My desk in the studio is right by the window. I like keeping the window open; the heat, the breeze, the early raindrops - you can feel the air changing throughout the say. Every now and then, I will gaze out of the window and look at the sky. The light shifts, clouds alter their formation, time passes by.
The Chinese for time is 光陰, light and shadow. Goodbyetime was made over the last six years from the light and shadow through the studio's various windows. It is a story about time literally vanishing. It is a lament, but it is also a celebration of every hour of the day (and night).
Each page is as long as the month it is named after, or as short as the hour - or two that its text describes. Or just seconds if you only give it a glance. Hidden within each French fold is an image of the sky from one of our studio's windows taken at an hour of the day (or night) described in the text. You can't see the image when the pages are hurriedly flipped. And even if you pause to lift each page, it may not be possible to see the image in full. On a particularly windy day, nature may afford you a glimpse.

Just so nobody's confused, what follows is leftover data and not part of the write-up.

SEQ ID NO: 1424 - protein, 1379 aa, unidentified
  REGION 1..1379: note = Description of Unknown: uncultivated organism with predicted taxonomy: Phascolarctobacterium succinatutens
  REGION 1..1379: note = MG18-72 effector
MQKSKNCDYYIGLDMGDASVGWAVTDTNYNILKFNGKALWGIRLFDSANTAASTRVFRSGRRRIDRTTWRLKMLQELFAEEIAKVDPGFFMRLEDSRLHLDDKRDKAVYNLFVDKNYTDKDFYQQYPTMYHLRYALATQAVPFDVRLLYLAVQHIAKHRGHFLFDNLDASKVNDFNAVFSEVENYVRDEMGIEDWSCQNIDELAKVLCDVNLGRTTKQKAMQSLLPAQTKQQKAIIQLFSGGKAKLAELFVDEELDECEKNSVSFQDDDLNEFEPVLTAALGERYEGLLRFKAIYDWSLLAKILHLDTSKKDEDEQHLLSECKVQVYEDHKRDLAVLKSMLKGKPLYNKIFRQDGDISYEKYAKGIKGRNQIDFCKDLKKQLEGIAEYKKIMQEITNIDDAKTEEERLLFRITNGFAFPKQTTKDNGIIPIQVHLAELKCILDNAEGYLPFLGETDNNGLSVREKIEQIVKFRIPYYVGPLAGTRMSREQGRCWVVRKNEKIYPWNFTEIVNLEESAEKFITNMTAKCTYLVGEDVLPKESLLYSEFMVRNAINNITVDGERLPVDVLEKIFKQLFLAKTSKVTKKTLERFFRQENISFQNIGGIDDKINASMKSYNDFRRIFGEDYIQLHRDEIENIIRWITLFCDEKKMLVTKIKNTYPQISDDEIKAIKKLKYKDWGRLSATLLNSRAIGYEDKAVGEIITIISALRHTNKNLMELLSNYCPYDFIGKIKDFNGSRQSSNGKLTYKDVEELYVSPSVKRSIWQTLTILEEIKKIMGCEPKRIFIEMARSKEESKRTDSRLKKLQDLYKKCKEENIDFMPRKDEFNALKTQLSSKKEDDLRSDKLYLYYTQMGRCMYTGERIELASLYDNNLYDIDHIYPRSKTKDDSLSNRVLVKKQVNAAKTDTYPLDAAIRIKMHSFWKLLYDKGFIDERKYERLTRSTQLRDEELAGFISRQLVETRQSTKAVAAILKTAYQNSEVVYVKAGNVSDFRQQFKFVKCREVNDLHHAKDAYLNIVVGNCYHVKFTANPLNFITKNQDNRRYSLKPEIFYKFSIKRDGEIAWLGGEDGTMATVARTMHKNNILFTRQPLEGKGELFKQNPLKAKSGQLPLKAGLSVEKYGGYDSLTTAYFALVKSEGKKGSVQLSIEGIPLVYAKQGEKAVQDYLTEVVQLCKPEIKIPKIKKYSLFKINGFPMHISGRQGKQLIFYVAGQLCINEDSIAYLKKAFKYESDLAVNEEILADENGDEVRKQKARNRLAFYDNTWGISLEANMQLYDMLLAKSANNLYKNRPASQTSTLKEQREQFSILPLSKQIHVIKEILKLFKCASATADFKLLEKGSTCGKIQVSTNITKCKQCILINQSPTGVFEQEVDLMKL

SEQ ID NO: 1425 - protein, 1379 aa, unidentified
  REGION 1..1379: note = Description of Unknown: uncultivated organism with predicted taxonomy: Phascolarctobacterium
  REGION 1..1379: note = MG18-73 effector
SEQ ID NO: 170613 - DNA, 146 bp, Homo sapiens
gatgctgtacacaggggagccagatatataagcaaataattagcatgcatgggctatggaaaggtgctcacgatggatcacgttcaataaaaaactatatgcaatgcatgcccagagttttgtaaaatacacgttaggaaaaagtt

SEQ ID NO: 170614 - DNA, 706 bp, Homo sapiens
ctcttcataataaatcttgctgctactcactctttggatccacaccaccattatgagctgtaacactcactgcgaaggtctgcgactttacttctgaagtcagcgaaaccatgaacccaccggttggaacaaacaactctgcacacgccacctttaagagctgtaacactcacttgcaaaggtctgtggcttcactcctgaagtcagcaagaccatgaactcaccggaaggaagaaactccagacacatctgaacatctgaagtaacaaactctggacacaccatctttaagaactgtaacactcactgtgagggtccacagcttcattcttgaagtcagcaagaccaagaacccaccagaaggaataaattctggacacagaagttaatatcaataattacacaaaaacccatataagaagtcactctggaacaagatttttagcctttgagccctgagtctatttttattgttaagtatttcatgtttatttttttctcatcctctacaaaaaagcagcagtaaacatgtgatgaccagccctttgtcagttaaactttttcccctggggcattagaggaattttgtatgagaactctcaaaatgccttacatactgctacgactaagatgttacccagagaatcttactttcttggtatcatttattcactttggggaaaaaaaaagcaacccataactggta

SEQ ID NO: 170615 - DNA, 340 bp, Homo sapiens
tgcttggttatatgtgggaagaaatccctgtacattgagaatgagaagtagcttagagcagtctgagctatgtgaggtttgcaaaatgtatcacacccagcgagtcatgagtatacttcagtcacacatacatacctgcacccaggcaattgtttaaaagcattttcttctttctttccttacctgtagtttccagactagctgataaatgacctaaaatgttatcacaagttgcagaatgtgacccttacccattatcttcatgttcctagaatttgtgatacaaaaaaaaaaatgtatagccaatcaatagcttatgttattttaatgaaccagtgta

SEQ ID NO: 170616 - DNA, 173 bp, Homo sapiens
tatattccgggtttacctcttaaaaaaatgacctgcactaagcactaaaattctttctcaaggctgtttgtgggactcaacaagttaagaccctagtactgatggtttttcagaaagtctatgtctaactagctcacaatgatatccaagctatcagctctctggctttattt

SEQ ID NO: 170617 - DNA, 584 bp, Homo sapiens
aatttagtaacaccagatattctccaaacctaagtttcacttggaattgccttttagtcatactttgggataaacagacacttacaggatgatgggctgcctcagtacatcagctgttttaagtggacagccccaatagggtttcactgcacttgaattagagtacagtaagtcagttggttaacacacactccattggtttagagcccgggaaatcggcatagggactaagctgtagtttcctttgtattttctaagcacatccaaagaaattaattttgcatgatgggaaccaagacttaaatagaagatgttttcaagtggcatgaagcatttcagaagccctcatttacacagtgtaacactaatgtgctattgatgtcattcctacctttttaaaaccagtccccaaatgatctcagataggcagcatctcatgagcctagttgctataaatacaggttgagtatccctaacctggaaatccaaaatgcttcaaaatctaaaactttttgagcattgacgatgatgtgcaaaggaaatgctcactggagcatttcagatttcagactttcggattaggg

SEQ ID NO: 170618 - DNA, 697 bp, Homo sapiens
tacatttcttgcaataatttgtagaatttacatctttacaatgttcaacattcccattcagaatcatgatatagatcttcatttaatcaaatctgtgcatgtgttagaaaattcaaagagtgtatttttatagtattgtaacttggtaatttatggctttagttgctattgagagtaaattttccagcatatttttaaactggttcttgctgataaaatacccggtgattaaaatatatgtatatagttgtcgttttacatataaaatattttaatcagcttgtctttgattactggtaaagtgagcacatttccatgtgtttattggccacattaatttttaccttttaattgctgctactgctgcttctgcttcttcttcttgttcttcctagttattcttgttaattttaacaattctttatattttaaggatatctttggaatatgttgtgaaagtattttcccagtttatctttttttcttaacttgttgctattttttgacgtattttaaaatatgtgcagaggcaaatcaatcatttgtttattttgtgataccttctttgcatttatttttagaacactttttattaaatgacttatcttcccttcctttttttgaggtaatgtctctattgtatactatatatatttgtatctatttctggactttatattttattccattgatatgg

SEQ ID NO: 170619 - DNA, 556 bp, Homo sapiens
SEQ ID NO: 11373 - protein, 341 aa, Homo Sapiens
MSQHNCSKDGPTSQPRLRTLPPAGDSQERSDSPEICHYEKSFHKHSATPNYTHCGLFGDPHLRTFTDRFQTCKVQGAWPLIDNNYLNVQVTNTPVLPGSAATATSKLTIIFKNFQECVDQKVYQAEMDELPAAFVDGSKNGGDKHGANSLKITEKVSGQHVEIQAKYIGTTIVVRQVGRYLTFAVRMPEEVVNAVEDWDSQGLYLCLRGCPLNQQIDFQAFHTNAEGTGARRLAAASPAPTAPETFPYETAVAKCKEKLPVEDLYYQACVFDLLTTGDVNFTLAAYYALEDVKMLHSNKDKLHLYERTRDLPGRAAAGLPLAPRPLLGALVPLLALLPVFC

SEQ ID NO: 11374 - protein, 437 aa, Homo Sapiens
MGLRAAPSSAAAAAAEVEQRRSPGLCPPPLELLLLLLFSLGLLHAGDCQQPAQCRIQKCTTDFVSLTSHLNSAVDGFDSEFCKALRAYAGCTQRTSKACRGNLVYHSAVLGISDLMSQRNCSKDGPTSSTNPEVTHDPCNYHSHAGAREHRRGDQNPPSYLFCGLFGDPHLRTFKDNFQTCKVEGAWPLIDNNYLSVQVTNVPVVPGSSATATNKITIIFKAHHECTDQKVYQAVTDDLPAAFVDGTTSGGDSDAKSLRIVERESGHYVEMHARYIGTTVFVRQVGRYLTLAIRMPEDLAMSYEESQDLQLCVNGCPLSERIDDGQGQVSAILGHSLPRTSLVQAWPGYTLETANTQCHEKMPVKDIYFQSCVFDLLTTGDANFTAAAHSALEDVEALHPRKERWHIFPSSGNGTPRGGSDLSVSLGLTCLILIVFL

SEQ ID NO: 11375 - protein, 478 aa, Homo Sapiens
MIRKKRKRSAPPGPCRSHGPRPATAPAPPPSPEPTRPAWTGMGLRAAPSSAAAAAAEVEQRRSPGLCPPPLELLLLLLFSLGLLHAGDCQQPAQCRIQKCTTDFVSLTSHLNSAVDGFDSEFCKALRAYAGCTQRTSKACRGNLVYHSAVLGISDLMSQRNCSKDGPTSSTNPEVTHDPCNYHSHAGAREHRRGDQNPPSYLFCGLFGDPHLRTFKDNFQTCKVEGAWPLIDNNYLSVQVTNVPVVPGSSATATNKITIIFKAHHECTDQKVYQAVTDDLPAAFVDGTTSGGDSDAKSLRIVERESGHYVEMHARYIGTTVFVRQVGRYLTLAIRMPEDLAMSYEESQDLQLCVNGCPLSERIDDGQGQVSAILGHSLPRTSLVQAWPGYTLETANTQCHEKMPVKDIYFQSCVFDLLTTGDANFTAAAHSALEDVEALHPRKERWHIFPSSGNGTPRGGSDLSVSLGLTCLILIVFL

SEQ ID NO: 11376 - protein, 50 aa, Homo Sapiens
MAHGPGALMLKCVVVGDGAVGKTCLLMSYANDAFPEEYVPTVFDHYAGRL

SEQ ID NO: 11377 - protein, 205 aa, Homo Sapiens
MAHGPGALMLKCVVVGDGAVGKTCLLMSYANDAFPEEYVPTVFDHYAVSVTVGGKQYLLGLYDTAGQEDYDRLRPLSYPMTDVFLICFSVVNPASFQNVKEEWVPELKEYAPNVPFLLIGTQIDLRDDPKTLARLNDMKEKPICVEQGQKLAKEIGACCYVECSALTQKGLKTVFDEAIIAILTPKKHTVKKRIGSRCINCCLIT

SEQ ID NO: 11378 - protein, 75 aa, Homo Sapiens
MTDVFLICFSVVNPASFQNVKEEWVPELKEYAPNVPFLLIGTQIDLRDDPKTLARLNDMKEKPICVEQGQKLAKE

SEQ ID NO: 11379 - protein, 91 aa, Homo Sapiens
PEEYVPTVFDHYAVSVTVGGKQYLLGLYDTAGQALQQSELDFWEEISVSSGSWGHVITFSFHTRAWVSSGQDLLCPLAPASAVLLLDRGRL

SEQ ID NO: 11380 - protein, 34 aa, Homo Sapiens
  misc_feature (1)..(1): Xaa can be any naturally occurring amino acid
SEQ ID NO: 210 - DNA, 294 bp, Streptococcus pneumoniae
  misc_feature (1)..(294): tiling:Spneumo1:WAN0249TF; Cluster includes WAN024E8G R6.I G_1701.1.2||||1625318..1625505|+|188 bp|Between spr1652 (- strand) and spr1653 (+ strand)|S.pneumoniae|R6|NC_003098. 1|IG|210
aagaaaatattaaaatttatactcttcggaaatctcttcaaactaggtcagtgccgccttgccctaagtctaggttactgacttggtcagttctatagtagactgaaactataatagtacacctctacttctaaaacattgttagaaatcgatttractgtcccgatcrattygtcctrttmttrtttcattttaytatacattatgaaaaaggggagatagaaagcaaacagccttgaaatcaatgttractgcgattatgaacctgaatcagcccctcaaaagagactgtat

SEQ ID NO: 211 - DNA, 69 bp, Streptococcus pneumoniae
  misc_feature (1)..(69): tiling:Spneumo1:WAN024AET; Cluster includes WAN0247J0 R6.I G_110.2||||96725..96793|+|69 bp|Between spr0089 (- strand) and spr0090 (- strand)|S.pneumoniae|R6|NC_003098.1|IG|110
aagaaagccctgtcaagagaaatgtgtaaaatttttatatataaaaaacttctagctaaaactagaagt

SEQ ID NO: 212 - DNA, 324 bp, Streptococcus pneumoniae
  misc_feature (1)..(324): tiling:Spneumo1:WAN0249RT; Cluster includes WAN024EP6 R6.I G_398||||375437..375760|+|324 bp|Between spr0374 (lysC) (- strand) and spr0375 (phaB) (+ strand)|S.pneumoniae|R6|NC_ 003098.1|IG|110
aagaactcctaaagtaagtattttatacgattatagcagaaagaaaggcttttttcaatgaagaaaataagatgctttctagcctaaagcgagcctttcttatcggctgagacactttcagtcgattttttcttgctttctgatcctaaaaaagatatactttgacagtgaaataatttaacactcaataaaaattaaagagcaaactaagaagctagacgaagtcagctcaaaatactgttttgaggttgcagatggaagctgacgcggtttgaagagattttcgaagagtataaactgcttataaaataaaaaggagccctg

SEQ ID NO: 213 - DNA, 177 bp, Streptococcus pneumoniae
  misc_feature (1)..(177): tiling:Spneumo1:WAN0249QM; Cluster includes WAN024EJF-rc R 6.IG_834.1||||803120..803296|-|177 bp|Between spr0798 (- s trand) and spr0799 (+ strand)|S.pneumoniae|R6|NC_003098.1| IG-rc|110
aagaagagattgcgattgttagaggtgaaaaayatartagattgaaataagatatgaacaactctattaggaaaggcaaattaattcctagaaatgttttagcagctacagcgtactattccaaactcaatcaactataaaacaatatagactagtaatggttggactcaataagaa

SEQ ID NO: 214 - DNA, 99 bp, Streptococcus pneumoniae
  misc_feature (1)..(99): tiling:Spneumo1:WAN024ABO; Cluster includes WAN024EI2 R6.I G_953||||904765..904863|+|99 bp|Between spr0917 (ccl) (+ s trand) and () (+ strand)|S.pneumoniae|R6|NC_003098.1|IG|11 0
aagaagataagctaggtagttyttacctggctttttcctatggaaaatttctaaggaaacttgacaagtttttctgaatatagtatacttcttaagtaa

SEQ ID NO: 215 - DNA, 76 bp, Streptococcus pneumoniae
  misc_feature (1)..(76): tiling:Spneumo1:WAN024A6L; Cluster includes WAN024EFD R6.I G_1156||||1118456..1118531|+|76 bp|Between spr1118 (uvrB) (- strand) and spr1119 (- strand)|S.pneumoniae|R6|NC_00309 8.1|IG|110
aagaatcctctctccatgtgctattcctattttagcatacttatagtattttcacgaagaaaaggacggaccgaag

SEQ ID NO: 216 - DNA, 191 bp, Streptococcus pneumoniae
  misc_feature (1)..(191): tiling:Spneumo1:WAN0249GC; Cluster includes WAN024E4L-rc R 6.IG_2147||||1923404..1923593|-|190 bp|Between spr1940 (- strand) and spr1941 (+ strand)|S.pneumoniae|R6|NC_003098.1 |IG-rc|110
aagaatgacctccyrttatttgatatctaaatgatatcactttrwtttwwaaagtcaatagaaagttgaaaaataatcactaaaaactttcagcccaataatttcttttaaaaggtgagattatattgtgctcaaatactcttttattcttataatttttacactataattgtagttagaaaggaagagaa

Friends, we hope you will put Goodbyetime up on your wall. Unlike a calendar that begs to be busied, may it remind you to stop and enjoy the things and people around you.
Goodbyetime / buy
Text: Yvonne Tham
A sneak peak at the text:
The first to go was 10 o'clock; out went the cartoons and the nighttime news, but no one noticed: the children had to be put to sleep.
Next was 1 o'clock. That slim hour was so singular and tall, it was all the more easily tipped over with a plastic fork and slipped into a Styrofoam lunch box.
And as teeth were brushed, shirts buttoned, and breakfasts rushed, like the magician's long-suffering rabbit, 8 o'clock vanished when the distracted audience blinked.